Mister Miracle was one of the best comics on shelves last year — but the first reunion between Sheriff of Babylon partners Tom King and Mitch Gerads at DC almost took place much closer to home than that the cosmic Fourth World. It started, as a lot of things at DC Comics do, with the Batman.
Speaking at Barnes & Noble’s Union Square store last week in a conversation with Glen Weldon to celebrate Mister Miracle’s trade paperback release, King and Gerads discussed how the pair’s next project together after the gritty war series Sheriff of Babylon at Vertigo was actually going to be on a Batman comic series, standalone from King’s ongoing work as the writer on the main Batman series, and a dream come true for Bat-fan Gerads.
The series would’ve seen two of Batman’s most iconic foes—the Joker and the Riddler — throw Gotham City into chaos as they fought over the chance to be the rogue who buried the Bat, and... well, you might be able to figure out why not only all that sounds so familiar, but what ended up happening that meant King and Gerads were no longer making it together:
Tom King: Mitch and I were supposed to do a Batman book...we did this book called Sheriff of Babylon. Everyone who read it is in this room right now. And our follow up was going to be The War of Jokes and Riddles—a Riddler vs. Joker story. I’m a nerd, so we’re getting pretty serious. And DC called me [and said] “I have fantastic news. We love your Joker versus the Riddler idea. We’re going to take it out of you and Mitch and put it in the main book with a much more mainstream artist, because Mitch, no one likes your art —
Mitch Gerads: My mum says it’s awesome.
King: — and [they] were like, “Aren’t you so excited?” Yay. You just took away my favourite book. Awesome.
The War of Jokes and Riddles became a multi-issue storyarc in the main Batman series in 2017, with Mikel Janin and June Chung on art duties. But after a night out with DC publisher Dan DiDio, King was given another potential project he could do with Gerads, one more in line with his subversive work on The Vision at Marvel Comics that shot the writer to superstardom—one that thankfully also turned out to be Gerads’ other dream DC project:
King: Went out with Dan DiDio, DC’s much-beloved chief who’s almost hated as much as I am. And he invited me out for drinks. He’s an old man, I’m obviously so young. And I was like, “I can drink this guy under the table, easily.” Seven shots later I was gone, and he was solid as a rock. Which is probably how he gets people to agree on killing the Flash. [DiDio’s] like, “Tom, are you ok?” And I’m like, “You took my effing book away.” So he goes “Well I’ll give you a book. Whatever you want.” Because I did this book called The Vision, and he’s a, can you do that? Just give me something like Vision. Anything you want.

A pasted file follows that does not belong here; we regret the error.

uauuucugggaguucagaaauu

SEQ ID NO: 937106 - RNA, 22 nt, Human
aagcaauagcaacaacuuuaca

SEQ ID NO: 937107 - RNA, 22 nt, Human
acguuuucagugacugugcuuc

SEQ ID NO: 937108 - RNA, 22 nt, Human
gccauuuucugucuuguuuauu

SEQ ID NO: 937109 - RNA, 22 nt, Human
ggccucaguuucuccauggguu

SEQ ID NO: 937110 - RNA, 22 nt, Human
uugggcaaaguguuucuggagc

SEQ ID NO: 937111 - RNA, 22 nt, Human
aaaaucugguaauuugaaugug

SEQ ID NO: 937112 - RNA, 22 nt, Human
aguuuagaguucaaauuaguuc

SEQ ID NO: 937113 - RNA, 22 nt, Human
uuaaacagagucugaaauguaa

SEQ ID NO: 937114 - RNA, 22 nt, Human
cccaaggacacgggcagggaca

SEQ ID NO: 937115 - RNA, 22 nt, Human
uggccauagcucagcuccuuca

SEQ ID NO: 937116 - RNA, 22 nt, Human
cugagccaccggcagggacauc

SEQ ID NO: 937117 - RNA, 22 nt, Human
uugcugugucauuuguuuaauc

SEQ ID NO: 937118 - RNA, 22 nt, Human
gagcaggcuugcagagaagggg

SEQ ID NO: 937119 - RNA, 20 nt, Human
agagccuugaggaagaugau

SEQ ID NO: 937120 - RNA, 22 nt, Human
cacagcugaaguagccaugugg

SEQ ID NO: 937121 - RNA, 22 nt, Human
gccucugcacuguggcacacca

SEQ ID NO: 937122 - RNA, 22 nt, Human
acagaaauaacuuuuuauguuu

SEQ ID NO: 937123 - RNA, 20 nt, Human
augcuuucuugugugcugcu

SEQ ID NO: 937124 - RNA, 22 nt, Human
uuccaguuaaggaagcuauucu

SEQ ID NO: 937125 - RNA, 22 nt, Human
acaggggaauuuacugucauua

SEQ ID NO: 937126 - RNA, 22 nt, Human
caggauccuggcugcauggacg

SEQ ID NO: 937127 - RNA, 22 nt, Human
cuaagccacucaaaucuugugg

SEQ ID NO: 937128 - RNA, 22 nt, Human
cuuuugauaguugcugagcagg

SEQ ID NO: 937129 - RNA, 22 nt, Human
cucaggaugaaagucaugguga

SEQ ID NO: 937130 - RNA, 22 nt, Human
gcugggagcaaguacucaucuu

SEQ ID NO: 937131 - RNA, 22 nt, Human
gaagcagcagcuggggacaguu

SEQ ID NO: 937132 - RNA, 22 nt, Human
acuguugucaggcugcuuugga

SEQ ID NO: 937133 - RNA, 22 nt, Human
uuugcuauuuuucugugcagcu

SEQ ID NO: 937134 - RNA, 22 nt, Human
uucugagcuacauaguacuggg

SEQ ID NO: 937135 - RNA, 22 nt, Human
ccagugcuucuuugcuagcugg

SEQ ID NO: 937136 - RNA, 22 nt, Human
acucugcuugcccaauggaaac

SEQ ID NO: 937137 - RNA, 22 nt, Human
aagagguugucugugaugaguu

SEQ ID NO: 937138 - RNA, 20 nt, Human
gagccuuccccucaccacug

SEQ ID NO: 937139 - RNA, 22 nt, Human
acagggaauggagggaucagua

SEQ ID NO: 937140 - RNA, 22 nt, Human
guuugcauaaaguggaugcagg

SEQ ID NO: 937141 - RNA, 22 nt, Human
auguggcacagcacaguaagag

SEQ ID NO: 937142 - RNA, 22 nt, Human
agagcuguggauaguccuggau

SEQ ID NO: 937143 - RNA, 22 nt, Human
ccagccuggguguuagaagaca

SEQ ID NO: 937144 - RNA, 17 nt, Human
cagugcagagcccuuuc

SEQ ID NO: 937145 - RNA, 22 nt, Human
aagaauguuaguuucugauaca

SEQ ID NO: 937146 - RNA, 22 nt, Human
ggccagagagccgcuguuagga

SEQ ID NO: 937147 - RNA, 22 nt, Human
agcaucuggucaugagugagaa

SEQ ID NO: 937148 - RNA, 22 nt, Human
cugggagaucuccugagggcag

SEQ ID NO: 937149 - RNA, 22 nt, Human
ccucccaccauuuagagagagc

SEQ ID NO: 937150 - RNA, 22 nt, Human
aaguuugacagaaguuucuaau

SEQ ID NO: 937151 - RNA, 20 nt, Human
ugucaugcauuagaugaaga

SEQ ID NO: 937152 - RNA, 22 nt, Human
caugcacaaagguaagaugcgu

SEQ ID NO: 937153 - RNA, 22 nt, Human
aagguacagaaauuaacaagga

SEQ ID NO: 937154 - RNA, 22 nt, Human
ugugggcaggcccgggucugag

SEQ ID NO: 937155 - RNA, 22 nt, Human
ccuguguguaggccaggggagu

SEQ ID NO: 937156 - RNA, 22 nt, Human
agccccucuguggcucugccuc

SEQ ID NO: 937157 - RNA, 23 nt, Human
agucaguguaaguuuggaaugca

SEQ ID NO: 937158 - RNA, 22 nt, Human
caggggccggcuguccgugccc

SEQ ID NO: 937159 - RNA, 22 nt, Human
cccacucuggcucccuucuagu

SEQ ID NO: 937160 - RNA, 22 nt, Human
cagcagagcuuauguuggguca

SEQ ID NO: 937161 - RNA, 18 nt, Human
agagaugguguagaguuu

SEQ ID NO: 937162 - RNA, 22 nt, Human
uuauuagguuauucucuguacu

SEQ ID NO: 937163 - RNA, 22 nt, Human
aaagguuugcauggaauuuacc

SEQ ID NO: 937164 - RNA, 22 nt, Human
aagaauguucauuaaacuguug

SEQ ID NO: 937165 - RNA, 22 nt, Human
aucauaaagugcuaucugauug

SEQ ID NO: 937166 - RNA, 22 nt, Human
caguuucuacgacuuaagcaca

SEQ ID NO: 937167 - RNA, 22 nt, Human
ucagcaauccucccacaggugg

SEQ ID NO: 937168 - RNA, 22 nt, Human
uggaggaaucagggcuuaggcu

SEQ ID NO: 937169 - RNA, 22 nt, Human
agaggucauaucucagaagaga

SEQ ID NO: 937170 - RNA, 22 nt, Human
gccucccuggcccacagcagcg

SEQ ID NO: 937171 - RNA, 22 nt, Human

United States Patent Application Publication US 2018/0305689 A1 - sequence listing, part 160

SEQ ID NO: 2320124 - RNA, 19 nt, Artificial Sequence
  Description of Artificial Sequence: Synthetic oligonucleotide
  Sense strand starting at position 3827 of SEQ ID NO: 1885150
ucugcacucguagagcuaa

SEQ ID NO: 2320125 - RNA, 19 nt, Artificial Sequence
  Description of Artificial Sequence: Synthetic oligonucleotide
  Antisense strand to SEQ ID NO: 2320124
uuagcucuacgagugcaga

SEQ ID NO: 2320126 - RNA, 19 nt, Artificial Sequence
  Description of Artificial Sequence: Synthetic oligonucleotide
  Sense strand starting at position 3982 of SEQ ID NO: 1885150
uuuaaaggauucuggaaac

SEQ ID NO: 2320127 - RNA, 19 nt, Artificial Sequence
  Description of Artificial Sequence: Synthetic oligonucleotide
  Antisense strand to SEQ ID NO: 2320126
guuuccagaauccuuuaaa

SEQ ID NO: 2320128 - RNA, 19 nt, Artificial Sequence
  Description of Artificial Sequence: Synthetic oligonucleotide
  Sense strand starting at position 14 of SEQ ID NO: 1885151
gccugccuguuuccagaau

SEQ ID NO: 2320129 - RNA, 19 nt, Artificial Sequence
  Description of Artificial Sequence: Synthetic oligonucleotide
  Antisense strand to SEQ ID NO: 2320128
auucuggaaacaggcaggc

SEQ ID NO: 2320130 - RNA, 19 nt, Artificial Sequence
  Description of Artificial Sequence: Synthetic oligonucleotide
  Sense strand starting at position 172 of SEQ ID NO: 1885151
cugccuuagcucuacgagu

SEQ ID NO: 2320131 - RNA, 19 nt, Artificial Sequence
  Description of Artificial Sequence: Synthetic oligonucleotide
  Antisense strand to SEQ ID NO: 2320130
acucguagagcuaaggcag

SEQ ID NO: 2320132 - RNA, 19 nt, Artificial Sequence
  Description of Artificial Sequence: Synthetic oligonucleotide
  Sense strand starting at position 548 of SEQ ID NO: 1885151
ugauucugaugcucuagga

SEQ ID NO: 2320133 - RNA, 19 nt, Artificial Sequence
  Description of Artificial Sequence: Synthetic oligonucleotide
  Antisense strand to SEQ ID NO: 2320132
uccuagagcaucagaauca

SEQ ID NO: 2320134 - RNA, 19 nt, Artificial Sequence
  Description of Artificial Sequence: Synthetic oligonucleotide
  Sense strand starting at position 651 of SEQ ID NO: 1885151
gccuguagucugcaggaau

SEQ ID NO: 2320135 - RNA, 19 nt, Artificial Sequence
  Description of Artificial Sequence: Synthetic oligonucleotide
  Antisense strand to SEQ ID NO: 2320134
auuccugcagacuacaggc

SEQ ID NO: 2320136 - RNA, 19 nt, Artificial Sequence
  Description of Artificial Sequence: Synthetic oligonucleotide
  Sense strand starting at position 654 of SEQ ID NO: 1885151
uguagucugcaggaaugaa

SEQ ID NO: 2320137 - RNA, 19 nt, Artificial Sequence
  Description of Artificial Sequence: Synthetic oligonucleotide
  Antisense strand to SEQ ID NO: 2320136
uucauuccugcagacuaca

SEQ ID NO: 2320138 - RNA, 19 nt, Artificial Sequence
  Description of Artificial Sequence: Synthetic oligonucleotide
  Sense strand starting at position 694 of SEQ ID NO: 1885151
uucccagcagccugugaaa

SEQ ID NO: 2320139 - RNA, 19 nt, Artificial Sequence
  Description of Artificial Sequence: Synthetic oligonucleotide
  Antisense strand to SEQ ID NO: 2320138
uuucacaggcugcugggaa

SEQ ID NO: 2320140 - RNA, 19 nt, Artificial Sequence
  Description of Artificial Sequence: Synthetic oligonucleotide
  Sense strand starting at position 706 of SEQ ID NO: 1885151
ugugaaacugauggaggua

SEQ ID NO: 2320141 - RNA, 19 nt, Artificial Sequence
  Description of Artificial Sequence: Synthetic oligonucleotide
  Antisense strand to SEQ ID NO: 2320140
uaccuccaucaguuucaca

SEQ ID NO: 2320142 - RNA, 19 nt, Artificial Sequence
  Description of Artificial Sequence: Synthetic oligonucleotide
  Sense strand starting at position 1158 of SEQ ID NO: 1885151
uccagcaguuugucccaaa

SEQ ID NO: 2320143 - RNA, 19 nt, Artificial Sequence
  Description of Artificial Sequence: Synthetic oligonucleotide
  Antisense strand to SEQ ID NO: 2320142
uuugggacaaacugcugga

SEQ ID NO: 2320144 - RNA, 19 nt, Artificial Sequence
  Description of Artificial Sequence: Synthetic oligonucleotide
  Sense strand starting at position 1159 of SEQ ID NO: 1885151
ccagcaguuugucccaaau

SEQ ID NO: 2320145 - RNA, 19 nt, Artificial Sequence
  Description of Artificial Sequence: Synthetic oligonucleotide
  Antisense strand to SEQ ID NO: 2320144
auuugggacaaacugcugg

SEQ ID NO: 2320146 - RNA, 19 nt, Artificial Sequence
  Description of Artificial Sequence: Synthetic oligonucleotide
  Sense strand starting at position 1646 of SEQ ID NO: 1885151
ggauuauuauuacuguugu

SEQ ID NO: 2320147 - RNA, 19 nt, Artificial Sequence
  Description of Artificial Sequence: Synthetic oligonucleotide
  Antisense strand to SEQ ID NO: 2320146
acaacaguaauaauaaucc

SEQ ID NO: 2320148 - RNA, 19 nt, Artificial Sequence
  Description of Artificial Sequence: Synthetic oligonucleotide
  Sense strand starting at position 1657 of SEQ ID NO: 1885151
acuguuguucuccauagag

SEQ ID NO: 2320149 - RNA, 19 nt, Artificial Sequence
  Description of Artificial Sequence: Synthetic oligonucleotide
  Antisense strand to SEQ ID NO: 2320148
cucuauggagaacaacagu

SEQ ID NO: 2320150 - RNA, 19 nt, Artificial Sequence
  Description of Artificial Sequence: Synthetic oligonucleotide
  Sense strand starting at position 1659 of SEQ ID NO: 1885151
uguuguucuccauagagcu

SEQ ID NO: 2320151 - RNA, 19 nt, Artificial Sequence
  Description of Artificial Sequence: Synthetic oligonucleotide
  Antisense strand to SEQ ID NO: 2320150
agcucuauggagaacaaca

“Atomic Knights or Mister Miracle?” I was like, “Oh man, I’m doing Atomic Knights.” [DiDio goes], ah no — Mister Miracle will sell 2,000 more copies. So I chose Mister Miracle. That’s how I ended up with the character.
Gerads: [Tom] slid into my DMs one day, to tell me that I was no longer able to do my dream Batman book. Which was fun news to hear. And he asked me, “Is there anything else you want to do?” This was before I knew what we were going to do next. I told him, I wanted my Batman book. That’s the dream. There’s only two characters in my life I really want to do: Batman and Mister Miracle. And silence. He’s like, “That’s what I’m pitching you right now.”
I have this weird...I grew up with a brother super into comic books. There’s a few books he gave me over the years, I was very small, and the one that really resonated with me, was Mister Miracle. And so it was something I always wanted to bring back. And lo and behold, that’s what he pitched.
King and Gerads went on to work together on Bat-stories beyond the initial plans for The War of Jokes and Riddles, of course — Gerads did art for several issues of Batman, and most recently returned for a story featuring Professor Pyg in Batman #62. So while plans may not have worked out as they were meant to initially, at least the artist got to ultimately achieve not one dream, but two.